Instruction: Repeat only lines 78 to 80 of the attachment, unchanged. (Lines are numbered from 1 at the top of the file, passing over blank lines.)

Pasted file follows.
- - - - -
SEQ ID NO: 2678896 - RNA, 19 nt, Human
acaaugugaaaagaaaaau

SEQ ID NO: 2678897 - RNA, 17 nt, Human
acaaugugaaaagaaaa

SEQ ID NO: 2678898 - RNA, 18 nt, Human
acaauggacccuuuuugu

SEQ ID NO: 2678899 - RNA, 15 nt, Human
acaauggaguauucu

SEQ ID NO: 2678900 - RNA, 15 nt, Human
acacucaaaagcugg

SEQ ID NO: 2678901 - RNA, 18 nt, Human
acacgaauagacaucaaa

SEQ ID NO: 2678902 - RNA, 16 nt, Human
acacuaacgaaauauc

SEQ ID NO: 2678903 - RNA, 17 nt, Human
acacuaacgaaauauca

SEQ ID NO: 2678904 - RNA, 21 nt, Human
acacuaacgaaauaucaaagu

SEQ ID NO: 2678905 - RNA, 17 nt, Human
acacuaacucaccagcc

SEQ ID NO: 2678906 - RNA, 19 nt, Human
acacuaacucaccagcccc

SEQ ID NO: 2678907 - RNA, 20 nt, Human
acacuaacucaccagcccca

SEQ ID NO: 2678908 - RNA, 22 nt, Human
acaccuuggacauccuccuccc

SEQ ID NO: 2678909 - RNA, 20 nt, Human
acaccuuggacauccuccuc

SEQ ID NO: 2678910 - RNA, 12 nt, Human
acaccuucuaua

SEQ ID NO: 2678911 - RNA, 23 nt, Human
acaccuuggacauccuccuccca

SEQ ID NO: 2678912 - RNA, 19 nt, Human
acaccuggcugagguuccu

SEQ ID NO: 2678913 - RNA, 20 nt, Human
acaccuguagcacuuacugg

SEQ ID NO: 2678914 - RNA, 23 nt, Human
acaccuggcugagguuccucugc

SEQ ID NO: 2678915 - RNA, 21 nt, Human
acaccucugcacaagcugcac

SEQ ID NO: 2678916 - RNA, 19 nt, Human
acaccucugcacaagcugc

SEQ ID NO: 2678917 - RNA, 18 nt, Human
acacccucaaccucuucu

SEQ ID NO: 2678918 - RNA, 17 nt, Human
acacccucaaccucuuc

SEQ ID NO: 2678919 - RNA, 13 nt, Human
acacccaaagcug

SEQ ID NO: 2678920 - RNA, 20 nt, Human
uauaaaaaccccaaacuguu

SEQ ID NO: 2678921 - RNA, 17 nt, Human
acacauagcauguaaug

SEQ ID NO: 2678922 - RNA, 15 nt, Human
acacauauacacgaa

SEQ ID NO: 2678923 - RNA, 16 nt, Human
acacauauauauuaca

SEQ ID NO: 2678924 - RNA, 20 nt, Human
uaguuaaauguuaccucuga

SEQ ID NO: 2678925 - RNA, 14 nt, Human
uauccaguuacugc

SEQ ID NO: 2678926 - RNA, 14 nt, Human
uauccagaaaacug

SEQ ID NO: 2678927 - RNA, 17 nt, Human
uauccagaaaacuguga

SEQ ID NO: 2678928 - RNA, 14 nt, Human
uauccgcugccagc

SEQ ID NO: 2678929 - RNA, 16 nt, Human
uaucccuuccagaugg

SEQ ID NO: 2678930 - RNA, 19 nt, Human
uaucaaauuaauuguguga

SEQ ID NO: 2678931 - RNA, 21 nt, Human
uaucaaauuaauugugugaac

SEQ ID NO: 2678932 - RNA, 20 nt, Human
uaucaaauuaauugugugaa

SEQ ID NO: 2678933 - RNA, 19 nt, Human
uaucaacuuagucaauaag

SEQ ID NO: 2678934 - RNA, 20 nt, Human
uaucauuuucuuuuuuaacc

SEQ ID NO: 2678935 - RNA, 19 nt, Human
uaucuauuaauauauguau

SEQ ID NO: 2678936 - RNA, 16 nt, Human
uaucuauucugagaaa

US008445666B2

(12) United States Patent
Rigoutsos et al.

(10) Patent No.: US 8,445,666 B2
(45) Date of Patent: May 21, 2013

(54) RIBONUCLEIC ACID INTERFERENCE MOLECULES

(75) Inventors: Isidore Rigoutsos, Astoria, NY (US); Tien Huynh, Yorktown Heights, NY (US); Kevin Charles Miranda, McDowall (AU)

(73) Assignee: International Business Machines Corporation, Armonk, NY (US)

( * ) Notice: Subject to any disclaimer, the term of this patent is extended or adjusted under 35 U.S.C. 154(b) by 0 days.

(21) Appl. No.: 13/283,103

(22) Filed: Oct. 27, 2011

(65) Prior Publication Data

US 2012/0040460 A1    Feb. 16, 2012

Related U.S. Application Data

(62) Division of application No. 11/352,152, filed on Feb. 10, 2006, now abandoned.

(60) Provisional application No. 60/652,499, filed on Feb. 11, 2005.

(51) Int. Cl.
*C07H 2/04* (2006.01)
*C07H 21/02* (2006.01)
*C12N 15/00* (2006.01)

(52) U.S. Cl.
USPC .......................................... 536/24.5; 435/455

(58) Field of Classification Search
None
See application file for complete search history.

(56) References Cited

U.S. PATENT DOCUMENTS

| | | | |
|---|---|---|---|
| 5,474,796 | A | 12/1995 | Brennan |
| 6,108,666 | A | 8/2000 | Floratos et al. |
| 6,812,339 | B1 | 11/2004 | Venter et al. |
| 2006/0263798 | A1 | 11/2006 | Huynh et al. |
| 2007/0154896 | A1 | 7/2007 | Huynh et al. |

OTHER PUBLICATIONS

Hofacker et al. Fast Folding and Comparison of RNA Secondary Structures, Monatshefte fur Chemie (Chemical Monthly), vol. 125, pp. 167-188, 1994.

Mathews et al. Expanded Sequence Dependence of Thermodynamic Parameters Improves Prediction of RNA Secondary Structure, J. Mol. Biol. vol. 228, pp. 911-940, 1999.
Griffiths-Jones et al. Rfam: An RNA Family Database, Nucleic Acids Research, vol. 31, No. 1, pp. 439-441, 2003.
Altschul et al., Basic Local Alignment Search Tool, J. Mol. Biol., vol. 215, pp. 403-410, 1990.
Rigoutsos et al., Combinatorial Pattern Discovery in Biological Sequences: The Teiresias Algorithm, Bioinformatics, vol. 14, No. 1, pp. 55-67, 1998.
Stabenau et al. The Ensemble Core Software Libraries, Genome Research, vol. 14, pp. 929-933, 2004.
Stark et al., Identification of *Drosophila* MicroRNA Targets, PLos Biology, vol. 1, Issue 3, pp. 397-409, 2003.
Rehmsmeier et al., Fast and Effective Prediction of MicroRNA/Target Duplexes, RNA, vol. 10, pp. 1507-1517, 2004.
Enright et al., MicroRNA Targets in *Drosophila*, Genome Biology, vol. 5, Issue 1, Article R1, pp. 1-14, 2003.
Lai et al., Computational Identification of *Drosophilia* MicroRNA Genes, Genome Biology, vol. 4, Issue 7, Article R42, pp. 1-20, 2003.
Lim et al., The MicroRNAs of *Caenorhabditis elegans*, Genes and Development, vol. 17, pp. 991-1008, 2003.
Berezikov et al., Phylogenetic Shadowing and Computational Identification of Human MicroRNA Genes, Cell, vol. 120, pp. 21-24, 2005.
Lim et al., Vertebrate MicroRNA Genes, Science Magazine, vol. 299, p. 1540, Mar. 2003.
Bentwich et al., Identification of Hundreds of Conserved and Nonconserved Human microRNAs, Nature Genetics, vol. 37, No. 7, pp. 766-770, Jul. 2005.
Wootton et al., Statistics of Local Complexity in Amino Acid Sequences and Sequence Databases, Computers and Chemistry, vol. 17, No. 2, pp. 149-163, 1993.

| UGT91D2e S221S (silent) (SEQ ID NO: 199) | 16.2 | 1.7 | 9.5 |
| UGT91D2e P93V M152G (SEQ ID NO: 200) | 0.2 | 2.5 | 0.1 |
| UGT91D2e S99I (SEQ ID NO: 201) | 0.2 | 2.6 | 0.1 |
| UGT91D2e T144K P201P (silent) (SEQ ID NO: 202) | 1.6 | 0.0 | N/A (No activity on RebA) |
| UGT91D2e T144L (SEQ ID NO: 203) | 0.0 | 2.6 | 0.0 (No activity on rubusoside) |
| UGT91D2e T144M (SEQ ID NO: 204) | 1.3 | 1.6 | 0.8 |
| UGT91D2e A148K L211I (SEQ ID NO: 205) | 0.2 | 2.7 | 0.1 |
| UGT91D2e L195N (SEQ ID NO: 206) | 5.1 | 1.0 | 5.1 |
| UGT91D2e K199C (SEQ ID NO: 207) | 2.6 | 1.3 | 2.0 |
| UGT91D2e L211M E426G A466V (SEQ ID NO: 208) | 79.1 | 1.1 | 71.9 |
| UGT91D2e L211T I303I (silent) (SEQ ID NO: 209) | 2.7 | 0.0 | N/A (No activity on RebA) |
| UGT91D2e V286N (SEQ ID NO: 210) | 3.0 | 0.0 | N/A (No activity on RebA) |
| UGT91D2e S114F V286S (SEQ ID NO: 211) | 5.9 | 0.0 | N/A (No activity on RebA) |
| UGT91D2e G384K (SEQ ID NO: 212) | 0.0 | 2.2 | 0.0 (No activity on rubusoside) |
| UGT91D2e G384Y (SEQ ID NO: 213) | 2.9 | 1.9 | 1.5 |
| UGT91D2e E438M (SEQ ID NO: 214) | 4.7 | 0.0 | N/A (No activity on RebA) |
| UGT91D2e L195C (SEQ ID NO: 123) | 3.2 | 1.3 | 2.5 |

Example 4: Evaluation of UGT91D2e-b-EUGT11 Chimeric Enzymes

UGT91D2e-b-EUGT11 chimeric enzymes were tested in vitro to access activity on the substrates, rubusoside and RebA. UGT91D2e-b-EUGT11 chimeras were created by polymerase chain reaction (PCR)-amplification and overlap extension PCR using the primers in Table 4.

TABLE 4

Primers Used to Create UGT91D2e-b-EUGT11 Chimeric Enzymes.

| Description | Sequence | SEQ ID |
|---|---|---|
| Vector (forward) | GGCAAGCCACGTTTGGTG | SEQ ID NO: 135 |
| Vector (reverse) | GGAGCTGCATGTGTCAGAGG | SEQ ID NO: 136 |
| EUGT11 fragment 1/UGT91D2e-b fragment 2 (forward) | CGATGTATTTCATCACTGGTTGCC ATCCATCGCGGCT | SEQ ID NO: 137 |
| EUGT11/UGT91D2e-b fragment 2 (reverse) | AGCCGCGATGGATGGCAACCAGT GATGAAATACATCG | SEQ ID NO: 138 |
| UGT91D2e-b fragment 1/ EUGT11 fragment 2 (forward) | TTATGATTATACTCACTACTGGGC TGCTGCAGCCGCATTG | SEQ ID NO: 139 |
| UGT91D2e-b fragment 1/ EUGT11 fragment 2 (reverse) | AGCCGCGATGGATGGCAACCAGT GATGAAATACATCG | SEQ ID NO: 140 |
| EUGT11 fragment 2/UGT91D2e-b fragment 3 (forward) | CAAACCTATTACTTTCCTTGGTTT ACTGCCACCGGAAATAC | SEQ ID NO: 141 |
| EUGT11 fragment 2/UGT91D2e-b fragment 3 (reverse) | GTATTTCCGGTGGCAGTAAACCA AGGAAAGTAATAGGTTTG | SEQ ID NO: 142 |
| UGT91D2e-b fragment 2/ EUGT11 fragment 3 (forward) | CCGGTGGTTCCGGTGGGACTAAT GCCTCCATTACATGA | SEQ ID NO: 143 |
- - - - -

uaucauuuucuuuuuuaacc

SEQ ID NO: 2678935 - RNA, 19 nt, Human
uaucuauuaauauauguau